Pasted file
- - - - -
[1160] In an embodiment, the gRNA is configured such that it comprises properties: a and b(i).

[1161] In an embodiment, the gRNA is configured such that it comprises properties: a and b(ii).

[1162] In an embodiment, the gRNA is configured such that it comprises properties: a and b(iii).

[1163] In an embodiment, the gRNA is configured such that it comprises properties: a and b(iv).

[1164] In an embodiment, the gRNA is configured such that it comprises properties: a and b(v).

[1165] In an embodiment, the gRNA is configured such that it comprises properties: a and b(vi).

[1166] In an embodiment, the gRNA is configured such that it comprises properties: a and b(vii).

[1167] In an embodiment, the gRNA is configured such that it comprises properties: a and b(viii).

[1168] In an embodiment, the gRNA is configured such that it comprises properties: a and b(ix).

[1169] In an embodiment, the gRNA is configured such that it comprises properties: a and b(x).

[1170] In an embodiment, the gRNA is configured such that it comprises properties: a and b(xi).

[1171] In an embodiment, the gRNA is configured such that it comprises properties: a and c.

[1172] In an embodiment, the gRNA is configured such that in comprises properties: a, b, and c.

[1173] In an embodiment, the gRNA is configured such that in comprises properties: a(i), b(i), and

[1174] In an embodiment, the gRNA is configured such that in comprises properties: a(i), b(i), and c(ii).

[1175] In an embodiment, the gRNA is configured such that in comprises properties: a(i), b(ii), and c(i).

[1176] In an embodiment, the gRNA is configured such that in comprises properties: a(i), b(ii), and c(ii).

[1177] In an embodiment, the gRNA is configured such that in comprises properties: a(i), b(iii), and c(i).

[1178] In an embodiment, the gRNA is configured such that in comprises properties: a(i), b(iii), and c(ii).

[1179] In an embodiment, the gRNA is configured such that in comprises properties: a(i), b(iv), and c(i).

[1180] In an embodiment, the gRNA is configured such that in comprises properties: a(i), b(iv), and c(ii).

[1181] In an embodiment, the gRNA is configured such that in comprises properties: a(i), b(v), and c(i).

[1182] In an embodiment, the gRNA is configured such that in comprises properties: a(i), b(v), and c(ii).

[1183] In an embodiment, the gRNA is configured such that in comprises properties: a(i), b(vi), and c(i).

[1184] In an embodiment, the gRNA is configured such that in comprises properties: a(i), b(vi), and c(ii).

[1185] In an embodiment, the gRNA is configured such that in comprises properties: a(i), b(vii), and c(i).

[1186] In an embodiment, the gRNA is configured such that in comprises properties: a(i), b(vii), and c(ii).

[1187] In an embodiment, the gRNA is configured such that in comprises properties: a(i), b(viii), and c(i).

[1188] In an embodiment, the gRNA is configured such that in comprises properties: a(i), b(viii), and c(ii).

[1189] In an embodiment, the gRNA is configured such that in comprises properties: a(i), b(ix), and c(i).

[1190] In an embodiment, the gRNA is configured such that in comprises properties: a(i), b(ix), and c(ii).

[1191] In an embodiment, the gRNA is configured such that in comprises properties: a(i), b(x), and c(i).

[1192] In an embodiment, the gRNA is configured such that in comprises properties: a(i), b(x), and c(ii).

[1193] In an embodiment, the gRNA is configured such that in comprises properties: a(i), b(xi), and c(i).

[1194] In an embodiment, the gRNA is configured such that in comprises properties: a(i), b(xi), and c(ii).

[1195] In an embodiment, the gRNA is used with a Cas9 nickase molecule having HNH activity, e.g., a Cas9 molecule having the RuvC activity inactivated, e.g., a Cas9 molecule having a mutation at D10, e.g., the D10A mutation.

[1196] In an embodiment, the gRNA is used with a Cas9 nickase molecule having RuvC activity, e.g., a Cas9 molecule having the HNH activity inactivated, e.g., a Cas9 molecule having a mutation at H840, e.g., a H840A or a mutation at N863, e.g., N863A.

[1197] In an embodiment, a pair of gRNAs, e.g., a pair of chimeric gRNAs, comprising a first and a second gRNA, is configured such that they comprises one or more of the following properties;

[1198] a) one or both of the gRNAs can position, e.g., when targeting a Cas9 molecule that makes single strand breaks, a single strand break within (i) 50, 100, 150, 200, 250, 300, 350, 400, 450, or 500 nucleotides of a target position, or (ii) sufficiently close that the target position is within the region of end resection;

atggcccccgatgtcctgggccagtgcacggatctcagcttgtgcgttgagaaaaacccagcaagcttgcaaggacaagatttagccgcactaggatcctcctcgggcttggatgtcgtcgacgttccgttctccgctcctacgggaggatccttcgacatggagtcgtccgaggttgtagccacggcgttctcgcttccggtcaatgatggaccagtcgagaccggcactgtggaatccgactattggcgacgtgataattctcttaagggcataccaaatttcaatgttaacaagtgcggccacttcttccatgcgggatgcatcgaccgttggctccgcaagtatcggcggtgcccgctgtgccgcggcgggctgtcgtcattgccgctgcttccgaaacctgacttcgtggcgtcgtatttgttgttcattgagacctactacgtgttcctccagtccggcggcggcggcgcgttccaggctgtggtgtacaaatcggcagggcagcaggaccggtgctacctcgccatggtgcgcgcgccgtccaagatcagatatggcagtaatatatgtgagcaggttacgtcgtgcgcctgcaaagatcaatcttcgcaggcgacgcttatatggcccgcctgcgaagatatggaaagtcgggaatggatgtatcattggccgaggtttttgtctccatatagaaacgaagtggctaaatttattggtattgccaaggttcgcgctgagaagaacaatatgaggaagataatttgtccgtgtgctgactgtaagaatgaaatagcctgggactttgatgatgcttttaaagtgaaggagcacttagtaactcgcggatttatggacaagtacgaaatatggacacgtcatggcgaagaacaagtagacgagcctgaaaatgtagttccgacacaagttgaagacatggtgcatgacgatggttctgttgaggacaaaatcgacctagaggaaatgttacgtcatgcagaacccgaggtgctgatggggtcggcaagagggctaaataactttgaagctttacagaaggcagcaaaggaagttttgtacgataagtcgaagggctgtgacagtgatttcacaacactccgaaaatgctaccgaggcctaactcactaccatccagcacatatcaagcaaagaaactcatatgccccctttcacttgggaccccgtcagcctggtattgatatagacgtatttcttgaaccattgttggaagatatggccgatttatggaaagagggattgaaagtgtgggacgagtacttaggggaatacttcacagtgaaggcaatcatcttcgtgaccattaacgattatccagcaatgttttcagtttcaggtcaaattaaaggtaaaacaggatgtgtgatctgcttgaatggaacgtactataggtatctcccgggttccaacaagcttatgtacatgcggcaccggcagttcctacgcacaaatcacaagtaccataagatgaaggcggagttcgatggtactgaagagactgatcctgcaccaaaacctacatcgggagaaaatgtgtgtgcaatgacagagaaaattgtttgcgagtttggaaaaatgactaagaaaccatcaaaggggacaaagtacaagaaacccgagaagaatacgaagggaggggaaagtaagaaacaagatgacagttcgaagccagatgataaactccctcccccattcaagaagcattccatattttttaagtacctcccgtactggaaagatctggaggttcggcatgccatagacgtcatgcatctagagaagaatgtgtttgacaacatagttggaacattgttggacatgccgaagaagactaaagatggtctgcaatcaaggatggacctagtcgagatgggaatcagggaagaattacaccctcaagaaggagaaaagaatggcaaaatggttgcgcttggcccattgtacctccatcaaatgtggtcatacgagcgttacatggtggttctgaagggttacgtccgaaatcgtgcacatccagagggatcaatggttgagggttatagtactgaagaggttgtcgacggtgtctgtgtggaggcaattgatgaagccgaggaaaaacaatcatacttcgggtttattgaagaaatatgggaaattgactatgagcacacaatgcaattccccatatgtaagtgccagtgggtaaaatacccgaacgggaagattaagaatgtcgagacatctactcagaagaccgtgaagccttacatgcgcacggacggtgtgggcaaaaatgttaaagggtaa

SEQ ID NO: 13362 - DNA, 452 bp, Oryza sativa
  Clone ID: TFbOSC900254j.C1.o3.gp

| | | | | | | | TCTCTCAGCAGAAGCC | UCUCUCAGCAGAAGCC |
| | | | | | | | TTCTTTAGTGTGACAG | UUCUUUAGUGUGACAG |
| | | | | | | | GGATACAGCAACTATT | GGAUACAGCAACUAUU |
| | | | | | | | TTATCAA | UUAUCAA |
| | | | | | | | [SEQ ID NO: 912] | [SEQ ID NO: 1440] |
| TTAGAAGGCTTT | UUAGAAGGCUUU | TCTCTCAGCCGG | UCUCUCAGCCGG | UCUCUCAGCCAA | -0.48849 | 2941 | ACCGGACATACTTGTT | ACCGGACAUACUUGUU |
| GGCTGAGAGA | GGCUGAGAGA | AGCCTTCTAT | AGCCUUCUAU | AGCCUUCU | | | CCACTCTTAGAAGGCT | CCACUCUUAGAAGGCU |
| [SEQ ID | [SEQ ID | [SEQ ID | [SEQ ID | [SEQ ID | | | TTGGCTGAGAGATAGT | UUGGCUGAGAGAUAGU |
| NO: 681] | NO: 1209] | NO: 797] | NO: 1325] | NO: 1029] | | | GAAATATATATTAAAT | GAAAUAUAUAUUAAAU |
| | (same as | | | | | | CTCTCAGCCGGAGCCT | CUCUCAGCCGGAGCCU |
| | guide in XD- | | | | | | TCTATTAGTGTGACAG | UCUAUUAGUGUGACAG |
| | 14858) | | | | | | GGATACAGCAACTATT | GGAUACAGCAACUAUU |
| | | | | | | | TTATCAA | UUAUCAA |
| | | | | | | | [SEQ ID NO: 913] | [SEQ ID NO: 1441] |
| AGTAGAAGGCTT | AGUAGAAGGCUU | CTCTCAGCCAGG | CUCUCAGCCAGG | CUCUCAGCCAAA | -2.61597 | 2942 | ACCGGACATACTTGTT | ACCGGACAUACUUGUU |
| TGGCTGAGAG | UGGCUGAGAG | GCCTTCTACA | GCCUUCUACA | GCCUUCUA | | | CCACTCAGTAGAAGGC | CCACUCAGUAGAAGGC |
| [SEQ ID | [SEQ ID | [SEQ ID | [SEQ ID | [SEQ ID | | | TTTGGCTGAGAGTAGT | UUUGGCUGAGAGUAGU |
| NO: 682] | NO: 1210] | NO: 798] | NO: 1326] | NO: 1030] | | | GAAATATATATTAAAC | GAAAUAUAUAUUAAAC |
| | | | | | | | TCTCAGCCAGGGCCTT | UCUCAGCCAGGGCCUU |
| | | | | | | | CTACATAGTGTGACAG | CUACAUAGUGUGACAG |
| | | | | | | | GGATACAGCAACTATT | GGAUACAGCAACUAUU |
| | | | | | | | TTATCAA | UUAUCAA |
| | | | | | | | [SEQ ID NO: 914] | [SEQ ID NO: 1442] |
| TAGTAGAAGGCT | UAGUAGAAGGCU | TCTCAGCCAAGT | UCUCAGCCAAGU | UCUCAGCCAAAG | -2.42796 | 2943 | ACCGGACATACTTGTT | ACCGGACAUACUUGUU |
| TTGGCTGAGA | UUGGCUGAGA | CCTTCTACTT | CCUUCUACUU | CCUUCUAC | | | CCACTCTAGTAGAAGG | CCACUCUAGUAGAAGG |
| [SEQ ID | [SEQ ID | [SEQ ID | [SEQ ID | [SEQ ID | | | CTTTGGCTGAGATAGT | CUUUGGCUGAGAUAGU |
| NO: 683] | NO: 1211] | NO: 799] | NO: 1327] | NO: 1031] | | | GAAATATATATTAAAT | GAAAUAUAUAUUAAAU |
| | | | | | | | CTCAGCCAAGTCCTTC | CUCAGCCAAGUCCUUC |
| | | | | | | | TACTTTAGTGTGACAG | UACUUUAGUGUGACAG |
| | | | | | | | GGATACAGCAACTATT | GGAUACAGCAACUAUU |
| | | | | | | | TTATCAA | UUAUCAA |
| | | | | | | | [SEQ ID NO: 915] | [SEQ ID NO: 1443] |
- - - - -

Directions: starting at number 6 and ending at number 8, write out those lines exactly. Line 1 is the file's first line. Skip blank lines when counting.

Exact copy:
[1165] In an embodiment, the gRNA is configured such that it comprises properties: a and b(vi).

[1166] In an embodiment, the gRNA is configured such that it comprises properties: a and b(vii).

[1167] In an embodiment, the gRNA is configured such that it comprises properties: a and b(viii).